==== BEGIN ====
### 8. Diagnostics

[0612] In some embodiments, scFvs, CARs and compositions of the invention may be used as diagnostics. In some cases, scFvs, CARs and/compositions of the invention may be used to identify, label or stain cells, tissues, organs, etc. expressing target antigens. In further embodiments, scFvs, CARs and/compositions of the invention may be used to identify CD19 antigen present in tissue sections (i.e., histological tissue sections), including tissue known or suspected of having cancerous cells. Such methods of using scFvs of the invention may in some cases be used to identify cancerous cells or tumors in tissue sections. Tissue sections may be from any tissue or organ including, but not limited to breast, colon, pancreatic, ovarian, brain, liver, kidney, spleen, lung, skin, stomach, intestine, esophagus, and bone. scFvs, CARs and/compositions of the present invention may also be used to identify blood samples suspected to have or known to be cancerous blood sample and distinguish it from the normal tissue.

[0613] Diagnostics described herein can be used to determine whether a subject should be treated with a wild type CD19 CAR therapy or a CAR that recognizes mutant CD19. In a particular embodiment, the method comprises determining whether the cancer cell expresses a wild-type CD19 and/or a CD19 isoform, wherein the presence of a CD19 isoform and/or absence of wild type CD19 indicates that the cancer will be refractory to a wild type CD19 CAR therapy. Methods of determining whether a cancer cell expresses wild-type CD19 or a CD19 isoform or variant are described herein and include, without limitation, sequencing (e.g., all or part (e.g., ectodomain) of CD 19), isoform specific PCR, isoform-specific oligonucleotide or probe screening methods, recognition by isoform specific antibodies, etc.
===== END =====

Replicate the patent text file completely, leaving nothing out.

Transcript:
### 8. Diagnostics

[0612] In some embodiments, scFvs, CARs and compositions of the invention may be used as diagnostics. In some cases, scFvs, CARs and/compositions of the invention may be used to identify, label or stain cells, tissues, organs, etc. expressing target antigens. In further embodiments, scFvs, CARs and/compositions of the invention may be used to identify CD19 antigen present in tissue sections (i.e., histological tissue sections), including tissue known or suspected of having cancerous cells. Such methods of using scFvs of the invention may in some cases be used to identify cancerous cells or tumors in tissue sections. Tissue sections may be from any tissue or organ including, but not limited to breast, colon, pancreatic, ovarian, brain, liver, kidney, spleen, lung, skin, stomach, intestine, esophagus, and bone. scFvs, CARs and/compositions of the present invention may also be used to identify blood samples suspected to have or known to be cancerous blood sample and distinguish it from the normal tissue.

[0613] Diagnostics described herein can be used to determine whether a subject should be treated with a wild type CD19 CAR therapy or a CAR that recognizes mutant CD19. In a particular embodiment, the method comprises determining whether the cancer cell expresses a wild-type CD19 and/or a CD19 isoform, wherein the presence of a CD19 isoform and/or absence of wild type CD19 indicates that the cancer will be refractory to a wild type CD19 CAR therapy. Methods of determining whether a cancer cell expresses wild-type CD19 or a CD19 isoform or variant are described herein and include, without limitation, sequencing (e.g., all or part (e.g., ectodomain) of CD 19), isoform specific PCR, isoform-specific oligonucleotide or probe screening methods, recognition by isoform specific antibodies, etc.